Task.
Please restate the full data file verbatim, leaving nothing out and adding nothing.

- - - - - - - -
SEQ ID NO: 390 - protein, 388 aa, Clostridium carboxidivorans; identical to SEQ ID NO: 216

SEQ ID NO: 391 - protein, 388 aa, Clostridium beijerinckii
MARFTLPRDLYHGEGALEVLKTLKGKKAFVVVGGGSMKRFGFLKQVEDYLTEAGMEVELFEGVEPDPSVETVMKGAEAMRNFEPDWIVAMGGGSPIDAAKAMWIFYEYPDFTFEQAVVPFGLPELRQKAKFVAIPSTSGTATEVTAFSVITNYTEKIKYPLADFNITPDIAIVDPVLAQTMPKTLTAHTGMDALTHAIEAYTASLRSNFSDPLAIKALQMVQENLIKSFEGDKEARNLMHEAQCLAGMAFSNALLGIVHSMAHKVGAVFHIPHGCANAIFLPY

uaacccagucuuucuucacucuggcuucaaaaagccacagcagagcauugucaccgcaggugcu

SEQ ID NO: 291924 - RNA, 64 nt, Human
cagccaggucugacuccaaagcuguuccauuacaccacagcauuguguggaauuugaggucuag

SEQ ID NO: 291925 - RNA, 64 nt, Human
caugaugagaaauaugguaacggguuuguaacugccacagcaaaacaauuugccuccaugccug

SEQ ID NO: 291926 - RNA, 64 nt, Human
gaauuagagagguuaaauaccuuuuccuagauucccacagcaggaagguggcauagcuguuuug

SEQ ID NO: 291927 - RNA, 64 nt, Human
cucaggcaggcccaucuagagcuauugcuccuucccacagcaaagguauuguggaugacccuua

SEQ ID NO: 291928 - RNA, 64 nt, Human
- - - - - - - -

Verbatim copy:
SEQ ID NO: 390 - protein, 388 aa, Clostridium carboxidivorans; identical to SEQ ID NO: 216

SEQ ID NO: 391 - protein, 388 aa, Clostridium beijerinckii
MARFTLPRDLYHGEGALEVLKTLKGKKAFVVVGGGSMKRFGFLKQVEDYLTEAGMEVELFEGVEPDPSVETVMKGAEAMRNFEPDWIVAMGGGSPIDAAKAMWIFYEYPDFTFEQAVVPFGLPELRQKAKFVAIPSTSGTATEVTAFSVITNYTEKIKYPLADFNITPDIAIVDPVLAQTMPKTLTAHTGMDALTHAIEAYTASLRSNFSDPLAIKALQMVQENLIKSFEGDKEARNLMHEAQCLAGMAFSNALLGIVHSMAHKVGAVFHIPHGCANAIFLPY

uaacccagucuuucuucacucuggcuucaaaaagccacagcagagcauugucaccgcaggugcu

SEQ ID NO: 291924 - RNA, 64 nt, Human
cagccaggucugacuccaaagcuguuccauuacaccacagcauuguguggaauuugaggucuag

SEQ ID NO: 291925 - RNA, 64 nt, Human
caugaugagaaauaugguaacggguuuguaacugccacagcaaaacaauuugccuccaugccug

SEQ ID NO: 291926 - RNA, 64 nt, Human
gaauuagagagguuaaauaccuuuuccuagauucccacagcaggaagguggcauagcuguuuug

SEQ ID NO: 291927 - RNA, 64 nt, Human
cucaggcaggcccaucuagagcuauugcuccuucccacagcaaagguauuguggaugacccuua

SEQ ID NO: 291928 - RNA, 64 nt, Human